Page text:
Hormone modifications and medical conditions.

A variety of conditions can cause long-term or short-lived hair loss, consisting of hormonal modifications due to pregnancy, giving birth, menopause and thyroid issues. Medical conditions include alopecia areata (al-o-PEE-she-uh ar-e-A-tuh), which is body immune system related and causes patchy loss of hair, scalp infections such as ringworm, and a hair-pulling condition called trichotillomania (trik-o-til-o-MAY-nee-uh).

Loss of hair can be a side effect of certain drugs, such as those utilized for cancer, arthritis, depression, heart problems, gout and hypertension.

Radiation therapy to the head.

The hair might not grow back the same as it was before.

Many individuals experience a general thinning of hair several months after a physical or psychological shock. This type of loss of hair is momentary.

Excessive hairstyling or hairdos that pull your hair tight, such as pigtails or cornrows, can cause a type of hair loss called traction alopecia. Hot-oil hair treatments and permanents also can cause hair to fall out. If scarring takes place, hair loss could be permanent.

Hair Falling Out? This May Be Why

You might be experiencing telogen effluvium, a typical form of hair loss that I typically call “& ldquo; shock shedding.

& rdquo; Learn more. Healthy Skin

What is loss of hair?

American Academy of Dermatology (AAD) keeps in mind that 80 million men and women in America have hereditary loss of hair (alopecia).

It can affect just the hair on your scalp or your whole body. Although alopecia is more widespread in older adults, extreme hair loss can occur in kids as well.

It's normal to lose in between 50 and 100 hairs a day. With about 100,000 hairs on your head, that small loss isn't noticeable.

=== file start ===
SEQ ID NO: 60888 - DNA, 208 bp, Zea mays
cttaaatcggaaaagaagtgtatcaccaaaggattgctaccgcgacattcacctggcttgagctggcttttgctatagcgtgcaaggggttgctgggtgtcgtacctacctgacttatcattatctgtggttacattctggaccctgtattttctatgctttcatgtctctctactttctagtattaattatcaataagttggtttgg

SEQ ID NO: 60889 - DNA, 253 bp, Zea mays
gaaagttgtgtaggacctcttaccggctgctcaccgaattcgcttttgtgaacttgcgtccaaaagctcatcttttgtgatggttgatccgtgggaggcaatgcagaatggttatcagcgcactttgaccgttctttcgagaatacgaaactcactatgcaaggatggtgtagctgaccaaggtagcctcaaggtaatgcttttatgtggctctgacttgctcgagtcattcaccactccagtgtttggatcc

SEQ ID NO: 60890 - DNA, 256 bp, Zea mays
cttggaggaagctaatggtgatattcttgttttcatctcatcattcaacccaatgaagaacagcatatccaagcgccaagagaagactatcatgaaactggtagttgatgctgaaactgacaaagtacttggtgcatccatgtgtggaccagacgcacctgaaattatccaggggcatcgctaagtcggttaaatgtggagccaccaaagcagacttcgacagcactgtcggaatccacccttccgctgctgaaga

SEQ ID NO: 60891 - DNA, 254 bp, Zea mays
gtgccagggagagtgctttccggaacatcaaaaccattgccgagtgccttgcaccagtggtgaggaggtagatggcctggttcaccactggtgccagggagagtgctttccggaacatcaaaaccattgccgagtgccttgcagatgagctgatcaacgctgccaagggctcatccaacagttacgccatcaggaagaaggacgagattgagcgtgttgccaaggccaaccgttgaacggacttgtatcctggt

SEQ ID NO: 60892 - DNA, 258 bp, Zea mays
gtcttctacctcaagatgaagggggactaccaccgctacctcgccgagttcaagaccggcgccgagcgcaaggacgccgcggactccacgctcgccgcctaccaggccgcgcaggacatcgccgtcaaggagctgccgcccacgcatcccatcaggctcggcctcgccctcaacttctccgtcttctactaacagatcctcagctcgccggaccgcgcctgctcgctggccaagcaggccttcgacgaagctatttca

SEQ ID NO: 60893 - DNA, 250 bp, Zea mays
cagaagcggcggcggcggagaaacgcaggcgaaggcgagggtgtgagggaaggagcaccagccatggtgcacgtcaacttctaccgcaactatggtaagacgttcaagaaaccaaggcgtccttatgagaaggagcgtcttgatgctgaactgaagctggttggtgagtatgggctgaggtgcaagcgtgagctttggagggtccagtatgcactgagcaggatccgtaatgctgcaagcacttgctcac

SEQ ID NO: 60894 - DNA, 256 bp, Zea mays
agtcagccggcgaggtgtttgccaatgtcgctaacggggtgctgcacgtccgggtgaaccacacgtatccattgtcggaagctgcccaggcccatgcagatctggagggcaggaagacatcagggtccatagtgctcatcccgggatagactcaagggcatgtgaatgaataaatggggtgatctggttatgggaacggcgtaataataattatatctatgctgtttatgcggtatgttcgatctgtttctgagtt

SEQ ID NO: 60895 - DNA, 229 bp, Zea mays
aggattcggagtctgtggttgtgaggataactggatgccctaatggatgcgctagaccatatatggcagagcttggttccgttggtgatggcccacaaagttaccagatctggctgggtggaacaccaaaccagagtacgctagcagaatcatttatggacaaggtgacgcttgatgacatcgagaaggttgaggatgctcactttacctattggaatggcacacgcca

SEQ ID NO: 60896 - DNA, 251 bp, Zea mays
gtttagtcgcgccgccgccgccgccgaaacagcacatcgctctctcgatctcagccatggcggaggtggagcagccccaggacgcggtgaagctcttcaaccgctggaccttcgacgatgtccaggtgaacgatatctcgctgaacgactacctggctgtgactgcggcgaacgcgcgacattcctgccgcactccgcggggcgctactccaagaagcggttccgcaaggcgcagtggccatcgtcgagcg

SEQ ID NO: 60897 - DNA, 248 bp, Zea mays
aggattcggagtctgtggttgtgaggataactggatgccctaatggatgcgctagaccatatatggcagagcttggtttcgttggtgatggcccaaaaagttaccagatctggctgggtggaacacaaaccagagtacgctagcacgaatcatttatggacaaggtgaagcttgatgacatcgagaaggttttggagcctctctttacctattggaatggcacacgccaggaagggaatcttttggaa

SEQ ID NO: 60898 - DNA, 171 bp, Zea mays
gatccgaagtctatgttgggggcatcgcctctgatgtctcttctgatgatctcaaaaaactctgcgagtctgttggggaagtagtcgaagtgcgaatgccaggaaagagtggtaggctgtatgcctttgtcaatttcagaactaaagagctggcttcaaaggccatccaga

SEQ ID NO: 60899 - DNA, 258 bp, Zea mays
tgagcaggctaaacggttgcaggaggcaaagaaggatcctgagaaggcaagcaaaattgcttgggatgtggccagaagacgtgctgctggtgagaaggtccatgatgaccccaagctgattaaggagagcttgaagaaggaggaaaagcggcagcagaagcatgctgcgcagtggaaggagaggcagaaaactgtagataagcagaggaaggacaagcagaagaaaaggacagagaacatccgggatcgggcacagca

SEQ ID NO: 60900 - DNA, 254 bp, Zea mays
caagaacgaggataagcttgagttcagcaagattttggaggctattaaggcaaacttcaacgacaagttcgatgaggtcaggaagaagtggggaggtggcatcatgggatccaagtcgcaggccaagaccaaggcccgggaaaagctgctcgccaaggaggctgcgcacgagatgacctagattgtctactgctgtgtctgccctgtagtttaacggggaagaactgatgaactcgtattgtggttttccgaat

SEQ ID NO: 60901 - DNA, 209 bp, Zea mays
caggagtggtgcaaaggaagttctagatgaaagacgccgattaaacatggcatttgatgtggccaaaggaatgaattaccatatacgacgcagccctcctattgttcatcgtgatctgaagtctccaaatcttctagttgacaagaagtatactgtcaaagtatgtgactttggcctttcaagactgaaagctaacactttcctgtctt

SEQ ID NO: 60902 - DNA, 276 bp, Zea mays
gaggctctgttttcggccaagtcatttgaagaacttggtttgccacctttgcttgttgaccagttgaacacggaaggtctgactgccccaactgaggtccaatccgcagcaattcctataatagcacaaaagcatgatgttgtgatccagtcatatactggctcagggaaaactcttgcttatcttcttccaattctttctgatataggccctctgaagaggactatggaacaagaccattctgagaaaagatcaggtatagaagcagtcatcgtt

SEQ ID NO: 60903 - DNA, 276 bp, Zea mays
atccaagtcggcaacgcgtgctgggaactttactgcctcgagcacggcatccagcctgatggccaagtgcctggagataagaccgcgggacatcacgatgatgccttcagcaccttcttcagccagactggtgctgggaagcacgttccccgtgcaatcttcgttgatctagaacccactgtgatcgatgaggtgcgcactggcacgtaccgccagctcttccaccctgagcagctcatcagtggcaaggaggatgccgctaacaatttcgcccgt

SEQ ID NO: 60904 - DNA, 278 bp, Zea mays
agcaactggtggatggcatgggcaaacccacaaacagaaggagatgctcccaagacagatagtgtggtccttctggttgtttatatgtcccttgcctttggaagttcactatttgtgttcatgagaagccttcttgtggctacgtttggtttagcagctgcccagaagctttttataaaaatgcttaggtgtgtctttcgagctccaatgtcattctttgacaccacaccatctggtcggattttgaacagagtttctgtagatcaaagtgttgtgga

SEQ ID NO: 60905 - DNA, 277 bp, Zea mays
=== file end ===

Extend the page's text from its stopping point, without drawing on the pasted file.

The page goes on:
New hair normally changes the lost hair, however this doesn't constantly take place. Loss of hair can establish gradually over years or happen suddenly. Loss of hair can be permanent or short-term.

It's difficult to count the quantity of hair lost on a given day. You might be losing more hair than is typical if you discover a large amount of hair in the drain after cleaning your hair or clumps of hair in your brush. You might likewise notice thinning spots of hair or baldness.

If you observe that you're losing more hair than normal, you should go over the problem with your doctor. They can identify the underlying cause of your loss of hair and suggest appropriate treatment plans.

What triggers loss of hair?

Initially, your medical professional or skin specialist (a medical professional who specializes in skin issues) will try to figure out the underlying reason for your loss of hair. The most typical cause of hair loss is hereditary male- or female-pattern baldness.

If you have a household history of baldness, you might have this kind of loss of hair. Certain sex hormones can activate genetic hair loss. It may start as early as adolescence.

Sometimes, loss of hair might occur with an easy stop in the cycle of hair development. Significant health problems, surgical treatments, or distressing events can trigger hair loss. Nevertheless, your hair will typically start growing back without treatment.

Hormone changes can cause short-term hair loss. Examples consist of:

pregnancy

giving birth

stopping using birth control pills menopause Medical conditions that can cause loss of hair include:

thyroid disease alopecia location (an autoimmune disease that attacks hair roots) scalp infections like ringworm Diseases that cause scarring, such as lichen planus and some kinds of lupus, can lead to permanent hair loss since of the scarring.

Loss of hair can likewise be because of medications utilized to deal with:

cancer high blood pressure arthritis depression

heart problems

A physical or emotional shock might activate noticeable loss of hair. Examples of this kind of shock include:

a death in the household

severe weight loss

a high fever

Individuals with trichotillomania (hair-pulling condition) have a need to pull out their hair, generally from their head, eyebrows, or eyelashes.

Traction loss of hair can be due to hairdos that put pressure on the hair follicles by pulling the hair back extremely securely.

A diet plan doing not have in protein iron, and other nutrients can likewise lead to thinning hair.